Insights For Success

Strategy, Innovation, Leadership and Security

Leveraging the paradox

StrategyEdward Kiledjian

Since 2008, companies have had to face unprecedented economic challenges in one of the worst recessions we've seen since the Great Depression. While some companies are barely surviving, others are experiencing unprecedented growth.

There is no magic formula to instantly transform from one to the other but my research has identified a key difference between these two types of companies: the management paradigm held by the company's executives. The companies that are performing best, are those that have accepted that management is a paradox.

As an example, companies have to cut payroll costs. Most companies have taken the straightforward approach of freezing new hires, and eliminating their most expensive headcount. They see this as low hanging fruit. An easy means to get to the desired end.

Strategic managers that accept business as a paradox, have taken a completely different approach. These executives understand that they can reduce labor costs by hiring top performers. Sure, top performers cost more but they also perform at a much higher rate, think outside the box and provide an overall strategic advantage to your business. 

Another advantage of hiring top performers is the fact that they require less management. Corporate value is never created through the act of management. It is created through the act of transformation: either physical or logical.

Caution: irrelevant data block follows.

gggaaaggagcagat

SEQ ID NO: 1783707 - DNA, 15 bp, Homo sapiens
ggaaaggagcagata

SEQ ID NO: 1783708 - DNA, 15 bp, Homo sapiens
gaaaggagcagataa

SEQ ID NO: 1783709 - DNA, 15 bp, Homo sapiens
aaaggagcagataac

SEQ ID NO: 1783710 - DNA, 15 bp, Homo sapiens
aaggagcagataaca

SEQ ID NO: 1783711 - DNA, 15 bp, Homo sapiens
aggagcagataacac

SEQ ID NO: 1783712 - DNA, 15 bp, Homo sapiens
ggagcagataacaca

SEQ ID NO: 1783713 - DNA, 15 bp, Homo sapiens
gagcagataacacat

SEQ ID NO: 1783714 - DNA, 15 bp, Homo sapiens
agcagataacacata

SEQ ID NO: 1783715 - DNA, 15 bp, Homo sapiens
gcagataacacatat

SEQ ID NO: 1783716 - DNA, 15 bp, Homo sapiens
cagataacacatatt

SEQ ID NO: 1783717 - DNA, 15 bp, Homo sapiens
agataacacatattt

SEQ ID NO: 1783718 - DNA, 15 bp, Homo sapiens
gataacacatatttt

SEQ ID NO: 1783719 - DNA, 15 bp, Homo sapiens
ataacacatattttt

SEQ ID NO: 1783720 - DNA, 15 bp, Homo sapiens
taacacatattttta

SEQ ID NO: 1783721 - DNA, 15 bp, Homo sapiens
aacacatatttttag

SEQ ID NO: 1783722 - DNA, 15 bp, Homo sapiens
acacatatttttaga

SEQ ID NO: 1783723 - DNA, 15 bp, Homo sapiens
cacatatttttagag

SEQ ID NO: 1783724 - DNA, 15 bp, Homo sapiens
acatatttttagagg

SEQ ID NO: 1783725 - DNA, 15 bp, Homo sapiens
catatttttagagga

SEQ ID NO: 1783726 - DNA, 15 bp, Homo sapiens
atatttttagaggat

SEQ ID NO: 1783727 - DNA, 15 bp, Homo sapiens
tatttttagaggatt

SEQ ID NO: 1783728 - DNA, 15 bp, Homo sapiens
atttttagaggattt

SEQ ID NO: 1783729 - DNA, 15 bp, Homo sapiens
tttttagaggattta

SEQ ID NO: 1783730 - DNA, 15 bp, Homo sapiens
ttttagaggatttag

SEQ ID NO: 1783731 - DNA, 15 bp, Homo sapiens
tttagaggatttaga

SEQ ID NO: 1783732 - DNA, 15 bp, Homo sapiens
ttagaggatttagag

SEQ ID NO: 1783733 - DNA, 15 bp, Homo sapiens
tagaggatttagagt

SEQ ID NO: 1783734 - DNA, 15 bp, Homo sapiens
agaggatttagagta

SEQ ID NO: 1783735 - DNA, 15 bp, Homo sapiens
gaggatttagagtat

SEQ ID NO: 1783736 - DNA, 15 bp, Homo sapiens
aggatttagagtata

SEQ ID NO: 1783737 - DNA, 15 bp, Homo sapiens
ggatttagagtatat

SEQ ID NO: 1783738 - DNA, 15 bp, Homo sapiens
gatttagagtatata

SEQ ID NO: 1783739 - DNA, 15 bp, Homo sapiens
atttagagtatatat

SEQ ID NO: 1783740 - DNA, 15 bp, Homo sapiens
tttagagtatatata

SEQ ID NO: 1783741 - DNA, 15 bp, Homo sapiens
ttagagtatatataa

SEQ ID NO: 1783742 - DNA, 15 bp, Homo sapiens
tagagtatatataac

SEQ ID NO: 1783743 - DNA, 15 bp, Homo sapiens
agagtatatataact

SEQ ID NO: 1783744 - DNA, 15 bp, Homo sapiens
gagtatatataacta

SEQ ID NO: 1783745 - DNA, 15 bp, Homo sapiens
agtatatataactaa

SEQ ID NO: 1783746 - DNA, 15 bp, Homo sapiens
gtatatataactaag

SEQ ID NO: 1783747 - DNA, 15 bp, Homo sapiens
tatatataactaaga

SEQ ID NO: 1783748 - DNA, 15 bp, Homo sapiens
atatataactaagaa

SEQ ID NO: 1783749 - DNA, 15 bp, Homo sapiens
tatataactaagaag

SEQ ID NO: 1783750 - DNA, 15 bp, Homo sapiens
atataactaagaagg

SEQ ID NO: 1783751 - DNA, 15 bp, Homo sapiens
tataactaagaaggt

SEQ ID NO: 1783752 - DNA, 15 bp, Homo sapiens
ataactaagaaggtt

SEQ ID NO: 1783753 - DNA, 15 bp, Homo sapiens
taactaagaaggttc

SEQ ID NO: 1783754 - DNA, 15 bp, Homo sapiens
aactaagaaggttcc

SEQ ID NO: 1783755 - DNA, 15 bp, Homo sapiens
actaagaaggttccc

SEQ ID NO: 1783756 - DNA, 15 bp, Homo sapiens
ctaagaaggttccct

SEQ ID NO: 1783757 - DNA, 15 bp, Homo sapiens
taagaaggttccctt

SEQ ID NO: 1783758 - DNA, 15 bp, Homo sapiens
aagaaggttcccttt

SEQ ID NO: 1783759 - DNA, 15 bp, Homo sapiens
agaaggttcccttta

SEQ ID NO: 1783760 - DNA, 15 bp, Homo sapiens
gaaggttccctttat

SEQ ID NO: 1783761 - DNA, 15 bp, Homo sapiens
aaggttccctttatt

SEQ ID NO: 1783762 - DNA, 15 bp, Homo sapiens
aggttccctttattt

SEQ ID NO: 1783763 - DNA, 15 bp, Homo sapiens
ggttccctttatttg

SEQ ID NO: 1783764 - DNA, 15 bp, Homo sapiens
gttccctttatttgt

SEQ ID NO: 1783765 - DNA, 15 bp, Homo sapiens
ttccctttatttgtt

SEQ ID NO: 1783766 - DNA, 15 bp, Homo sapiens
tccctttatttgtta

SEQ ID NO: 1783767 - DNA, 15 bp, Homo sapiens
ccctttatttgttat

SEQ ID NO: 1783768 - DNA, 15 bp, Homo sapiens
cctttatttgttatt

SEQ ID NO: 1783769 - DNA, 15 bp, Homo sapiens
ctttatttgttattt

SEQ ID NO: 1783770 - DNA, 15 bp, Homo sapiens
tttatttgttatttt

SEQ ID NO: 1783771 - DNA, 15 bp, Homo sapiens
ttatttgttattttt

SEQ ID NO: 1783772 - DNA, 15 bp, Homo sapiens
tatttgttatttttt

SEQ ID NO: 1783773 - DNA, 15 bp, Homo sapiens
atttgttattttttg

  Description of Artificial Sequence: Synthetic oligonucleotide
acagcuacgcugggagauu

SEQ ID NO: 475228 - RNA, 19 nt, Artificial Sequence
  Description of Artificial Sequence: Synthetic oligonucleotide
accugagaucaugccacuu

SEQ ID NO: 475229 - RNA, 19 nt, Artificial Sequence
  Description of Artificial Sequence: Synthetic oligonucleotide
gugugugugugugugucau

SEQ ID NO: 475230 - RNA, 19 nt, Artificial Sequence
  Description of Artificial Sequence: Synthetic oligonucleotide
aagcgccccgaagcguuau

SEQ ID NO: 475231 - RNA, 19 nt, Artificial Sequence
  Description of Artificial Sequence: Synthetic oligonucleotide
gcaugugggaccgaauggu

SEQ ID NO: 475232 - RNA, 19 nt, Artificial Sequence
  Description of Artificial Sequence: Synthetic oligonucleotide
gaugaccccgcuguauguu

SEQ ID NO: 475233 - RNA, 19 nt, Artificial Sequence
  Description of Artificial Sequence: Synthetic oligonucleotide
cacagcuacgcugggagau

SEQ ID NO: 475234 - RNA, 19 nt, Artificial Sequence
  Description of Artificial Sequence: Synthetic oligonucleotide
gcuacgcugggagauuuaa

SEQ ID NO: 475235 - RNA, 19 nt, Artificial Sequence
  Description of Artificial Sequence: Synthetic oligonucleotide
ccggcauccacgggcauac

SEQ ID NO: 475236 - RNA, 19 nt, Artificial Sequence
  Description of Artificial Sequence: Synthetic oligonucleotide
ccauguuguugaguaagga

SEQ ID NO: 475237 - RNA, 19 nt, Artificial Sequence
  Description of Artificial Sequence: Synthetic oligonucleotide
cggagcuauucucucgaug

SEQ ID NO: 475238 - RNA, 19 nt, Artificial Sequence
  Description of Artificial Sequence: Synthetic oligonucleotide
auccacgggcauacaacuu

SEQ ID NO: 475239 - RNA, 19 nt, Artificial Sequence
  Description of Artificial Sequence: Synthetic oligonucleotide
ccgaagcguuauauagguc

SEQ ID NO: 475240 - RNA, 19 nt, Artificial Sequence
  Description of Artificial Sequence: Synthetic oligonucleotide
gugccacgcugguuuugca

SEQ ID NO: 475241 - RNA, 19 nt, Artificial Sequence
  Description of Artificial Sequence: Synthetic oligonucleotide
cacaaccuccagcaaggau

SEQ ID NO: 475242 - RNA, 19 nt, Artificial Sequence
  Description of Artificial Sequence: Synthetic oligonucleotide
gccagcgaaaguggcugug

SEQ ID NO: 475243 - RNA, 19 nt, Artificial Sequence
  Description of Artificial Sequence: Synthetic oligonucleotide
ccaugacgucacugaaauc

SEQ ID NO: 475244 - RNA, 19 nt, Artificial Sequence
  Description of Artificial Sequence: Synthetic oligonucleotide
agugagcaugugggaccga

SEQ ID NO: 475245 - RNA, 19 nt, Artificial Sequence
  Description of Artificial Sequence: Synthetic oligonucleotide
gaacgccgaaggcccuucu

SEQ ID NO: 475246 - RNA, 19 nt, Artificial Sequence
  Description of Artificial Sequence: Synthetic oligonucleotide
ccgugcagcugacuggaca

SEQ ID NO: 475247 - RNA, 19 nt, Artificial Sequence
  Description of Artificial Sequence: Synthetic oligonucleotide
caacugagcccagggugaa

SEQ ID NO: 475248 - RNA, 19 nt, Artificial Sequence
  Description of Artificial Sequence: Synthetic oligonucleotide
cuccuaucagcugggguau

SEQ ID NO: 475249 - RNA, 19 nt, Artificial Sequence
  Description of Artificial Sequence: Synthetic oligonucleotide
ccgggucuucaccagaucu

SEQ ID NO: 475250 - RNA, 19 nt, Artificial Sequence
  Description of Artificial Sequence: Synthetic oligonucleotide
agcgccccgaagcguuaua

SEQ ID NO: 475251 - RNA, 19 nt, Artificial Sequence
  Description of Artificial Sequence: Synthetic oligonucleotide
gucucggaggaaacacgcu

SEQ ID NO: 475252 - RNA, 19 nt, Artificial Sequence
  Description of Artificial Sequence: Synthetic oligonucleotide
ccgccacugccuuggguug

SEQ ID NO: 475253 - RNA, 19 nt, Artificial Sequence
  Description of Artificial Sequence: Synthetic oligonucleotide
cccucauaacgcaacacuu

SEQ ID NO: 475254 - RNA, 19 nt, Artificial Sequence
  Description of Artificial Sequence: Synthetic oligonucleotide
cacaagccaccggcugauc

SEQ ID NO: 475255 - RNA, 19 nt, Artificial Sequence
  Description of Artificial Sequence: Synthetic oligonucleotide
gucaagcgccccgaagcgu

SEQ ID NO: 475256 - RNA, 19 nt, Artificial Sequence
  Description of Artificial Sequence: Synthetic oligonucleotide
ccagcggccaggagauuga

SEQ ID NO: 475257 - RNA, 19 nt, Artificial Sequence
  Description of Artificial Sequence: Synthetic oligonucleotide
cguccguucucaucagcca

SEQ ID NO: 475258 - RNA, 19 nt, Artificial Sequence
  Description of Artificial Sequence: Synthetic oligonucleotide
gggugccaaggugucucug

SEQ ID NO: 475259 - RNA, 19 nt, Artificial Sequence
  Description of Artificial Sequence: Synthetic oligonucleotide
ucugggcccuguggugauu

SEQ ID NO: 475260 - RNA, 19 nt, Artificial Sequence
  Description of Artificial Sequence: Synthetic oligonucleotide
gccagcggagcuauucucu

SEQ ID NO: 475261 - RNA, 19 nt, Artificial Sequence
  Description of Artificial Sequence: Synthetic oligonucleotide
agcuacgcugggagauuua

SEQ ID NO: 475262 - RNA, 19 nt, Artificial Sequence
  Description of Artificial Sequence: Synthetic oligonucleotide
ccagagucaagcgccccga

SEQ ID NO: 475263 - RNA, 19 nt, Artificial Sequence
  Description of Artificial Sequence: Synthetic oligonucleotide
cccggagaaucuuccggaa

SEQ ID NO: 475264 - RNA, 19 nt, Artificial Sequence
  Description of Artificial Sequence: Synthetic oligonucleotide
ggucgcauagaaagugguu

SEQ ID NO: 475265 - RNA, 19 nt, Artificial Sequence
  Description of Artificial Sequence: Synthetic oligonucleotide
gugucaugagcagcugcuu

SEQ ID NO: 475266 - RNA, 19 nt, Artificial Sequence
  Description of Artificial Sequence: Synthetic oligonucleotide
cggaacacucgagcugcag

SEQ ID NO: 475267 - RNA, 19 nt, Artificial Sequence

If your staff requires less management, it allows your managers to think more strategically (rather than tactically). Strategic management means that they can find new ways to innovate and reduce costs. Because your employees are being managed less, they feel more confident and empowered, which further fuels the desire to perform to a higher standard. 

This is but one example of a possible business paradox. Similar logic can be used for other business decisions from deciding which factories to close, where to do capital expenditures or whether to expand your product line. How you manage your business in these tough economic times will decide how you perform as the economy improves. If you have made educated and well thought out decisions, then you will be richly rewarded. If you have adhered to conventional wisdom, then you will be sorely disappointed for having missed such a remarkable opportunity. 

There has never been a more important time to "think outside the box". Every decision you make is an important one with long lasting repercussions. Before rushing to any decision, make sure you turn the situation on its head and ask yourself if you are facing a paradox.